Date of Award


Document Type


Degree Name

Master of Arts (MA)

Legacy Department


Committee Chair/Advisor

Andrew, Rod

Committee Member

Grubb , Alan

Committee Member

Reel , Jerome V


The Clemson graduating class of 1939 entered college in 1935, during the Great Depression. By the time they enrolled, even as teenagers, many of them had encountered the economic hardships and family disruption of the times. When they got to Clemson, they discovered a military school with strong discipline and regimentation. Shortly after graduation these same men were engaged in World War ll. These three experiences, - the Depression, military training and World War ll combat - combined to form a bond among these men that has carried forward for over 70 years.
Circumstance played a role in helping the Class of 1939 gain standing at Clemson. Clemson graduating classes typically present a major gift to the university on their 50th anniversary. Coincidentally, the Class of `39 had its 50th anniversary in the year Clemson was celebrating its 100th anniversary. The class wanted to do something very special to commemorate these events, culminating in the development of the Class of 1939 Award for Excellence and the creation of the Heritage Gardens project. These gifts have set the Class of '39 apart for their ingenuity as compared to many other Clemson classes. The Award for Excellence honors a Clemson faculty member each year and, through its honorary member program, creates a system that sustains the class and actually provides it with new members. The Heritage Gardens project is a multi-part effort to honor Clemson past, present and future. It, too, has an ongoing component that, in conjunction with other Clemson graduation classes, will also project the Class of '39 into the future.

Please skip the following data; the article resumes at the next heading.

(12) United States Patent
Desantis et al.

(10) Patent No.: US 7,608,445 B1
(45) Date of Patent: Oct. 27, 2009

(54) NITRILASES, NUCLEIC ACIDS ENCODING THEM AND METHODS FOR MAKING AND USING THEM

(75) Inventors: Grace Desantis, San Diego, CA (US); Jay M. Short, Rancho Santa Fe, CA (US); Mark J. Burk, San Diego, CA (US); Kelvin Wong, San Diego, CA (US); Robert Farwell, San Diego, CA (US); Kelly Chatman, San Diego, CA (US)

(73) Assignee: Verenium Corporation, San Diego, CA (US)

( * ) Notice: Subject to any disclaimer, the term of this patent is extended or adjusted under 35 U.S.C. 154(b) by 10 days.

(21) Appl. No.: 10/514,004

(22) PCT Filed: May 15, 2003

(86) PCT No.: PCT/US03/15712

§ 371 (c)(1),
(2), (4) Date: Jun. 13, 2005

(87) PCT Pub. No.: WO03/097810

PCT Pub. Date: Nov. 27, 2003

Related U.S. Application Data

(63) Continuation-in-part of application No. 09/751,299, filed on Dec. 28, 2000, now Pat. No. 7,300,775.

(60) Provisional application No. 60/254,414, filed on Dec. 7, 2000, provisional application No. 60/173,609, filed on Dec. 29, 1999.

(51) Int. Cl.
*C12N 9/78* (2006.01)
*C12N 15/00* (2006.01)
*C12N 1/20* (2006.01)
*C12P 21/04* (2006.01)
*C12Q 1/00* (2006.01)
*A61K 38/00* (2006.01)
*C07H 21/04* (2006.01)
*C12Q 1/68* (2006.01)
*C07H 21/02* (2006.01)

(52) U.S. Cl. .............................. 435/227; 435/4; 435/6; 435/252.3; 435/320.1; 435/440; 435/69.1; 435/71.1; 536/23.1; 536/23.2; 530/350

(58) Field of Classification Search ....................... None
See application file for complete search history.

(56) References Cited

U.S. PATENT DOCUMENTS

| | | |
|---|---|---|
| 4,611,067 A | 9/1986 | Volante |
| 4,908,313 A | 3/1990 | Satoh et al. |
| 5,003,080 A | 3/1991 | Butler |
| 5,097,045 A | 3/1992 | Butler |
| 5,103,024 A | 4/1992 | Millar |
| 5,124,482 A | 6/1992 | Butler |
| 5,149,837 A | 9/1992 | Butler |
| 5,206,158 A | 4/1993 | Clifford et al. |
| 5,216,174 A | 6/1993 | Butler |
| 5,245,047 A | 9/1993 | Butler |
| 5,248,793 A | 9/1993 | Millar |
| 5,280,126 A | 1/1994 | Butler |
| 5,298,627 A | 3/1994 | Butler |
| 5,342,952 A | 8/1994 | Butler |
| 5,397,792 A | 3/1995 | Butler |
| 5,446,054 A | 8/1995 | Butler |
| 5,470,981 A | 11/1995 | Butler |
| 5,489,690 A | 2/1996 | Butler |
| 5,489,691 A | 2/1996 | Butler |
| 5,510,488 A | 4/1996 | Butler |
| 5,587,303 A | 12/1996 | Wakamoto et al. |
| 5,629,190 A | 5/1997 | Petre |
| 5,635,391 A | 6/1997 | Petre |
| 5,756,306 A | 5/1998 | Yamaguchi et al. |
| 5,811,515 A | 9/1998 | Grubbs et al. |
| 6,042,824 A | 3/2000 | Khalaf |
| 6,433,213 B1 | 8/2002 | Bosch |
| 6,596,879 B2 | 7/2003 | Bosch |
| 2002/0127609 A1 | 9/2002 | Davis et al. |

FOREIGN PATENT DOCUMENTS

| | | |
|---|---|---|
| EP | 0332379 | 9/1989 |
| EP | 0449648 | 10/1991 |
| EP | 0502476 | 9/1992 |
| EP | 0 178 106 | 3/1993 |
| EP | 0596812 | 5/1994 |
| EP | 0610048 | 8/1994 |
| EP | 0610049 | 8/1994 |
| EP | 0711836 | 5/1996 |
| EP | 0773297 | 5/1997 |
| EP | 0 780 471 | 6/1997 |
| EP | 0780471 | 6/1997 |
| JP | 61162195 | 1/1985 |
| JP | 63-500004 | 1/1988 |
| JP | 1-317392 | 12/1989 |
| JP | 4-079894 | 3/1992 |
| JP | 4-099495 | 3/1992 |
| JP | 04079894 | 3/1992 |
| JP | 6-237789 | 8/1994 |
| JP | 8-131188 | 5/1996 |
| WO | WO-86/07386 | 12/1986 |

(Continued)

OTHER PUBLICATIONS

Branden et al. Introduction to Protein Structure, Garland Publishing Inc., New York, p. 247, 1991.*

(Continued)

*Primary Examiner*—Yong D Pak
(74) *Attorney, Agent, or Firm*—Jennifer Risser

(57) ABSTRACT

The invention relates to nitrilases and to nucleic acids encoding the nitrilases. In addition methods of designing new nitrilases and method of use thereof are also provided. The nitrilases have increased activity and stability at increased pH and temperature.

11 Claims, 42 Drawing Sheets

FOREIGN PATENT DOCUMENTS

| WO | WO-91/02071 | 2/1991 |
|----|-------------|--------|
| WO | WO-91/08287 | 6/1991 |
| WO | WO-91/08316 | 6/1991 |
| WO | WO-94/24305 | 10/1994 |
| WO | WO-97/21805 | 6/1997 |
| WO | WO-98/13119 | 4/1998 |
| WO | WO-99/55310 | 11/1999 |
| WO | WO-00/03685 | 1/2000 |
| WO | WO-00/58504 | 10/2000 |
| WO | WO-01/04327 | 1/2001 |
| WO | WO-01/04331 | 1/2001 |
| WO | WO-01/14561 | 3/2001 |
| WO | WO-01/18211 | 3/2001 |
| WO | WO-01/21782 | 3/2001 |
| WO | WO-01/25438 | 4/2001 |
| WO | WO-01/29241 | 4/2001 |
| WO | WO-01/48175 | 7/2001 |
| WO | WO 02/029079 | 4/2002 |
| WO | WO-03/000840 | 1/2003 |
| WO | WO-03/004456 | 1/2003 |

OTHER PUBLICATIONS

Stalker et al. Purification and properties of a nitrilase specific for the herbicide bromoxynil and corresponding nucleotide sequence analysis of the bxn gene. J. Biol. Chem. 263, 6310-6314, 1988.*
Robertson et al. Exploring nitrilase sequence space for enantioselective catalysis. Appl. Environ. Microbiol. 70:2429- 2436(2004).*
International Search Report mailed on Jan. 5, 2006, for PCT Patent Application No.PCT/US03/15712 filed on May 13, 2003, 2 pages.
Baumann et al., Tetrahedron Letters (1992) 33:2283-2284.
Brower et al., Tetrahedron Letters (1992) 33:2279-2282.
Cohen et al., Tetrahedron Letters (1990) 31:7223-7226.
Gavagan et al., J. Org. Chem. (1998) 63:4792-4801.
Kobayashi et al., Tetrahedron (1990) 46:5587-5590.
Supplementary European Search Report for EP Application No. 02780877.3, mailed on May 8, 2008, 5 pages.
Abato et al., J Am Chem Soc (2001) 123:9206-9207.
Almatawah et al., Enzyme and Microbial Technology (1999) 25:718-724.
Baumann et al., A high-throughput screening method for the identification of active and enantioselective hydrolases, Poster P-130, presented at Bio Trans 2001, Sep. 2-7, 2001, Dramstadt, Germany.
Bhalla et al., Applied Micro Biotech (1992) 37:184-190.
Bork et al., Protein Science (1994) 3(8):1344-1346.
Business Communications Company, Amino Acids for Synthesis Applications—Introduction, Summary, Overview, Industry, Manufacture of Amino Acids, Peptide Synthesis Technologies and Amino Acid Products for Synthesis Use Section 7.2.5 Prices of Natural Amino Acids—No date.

Three things have greatly contributed to the success of the `39ers. First, members of the Class have had three great bonding experiences, the Depression, Clemson military training and World War ll. Second, the Class has also had the benefit of strong dedicated local leaders who have led long lives, creating a continuity of thought and action. Finally, the Class developed outstanding and innovative ideas that captured the attention of the university.
The Class makes no secret of its desire to continue its legacy, even after all of the original members are gone, and has designed its gifts and programs to achieve that goal. The question we are unable to answer at this time is what will happen when all of the original members are gone.

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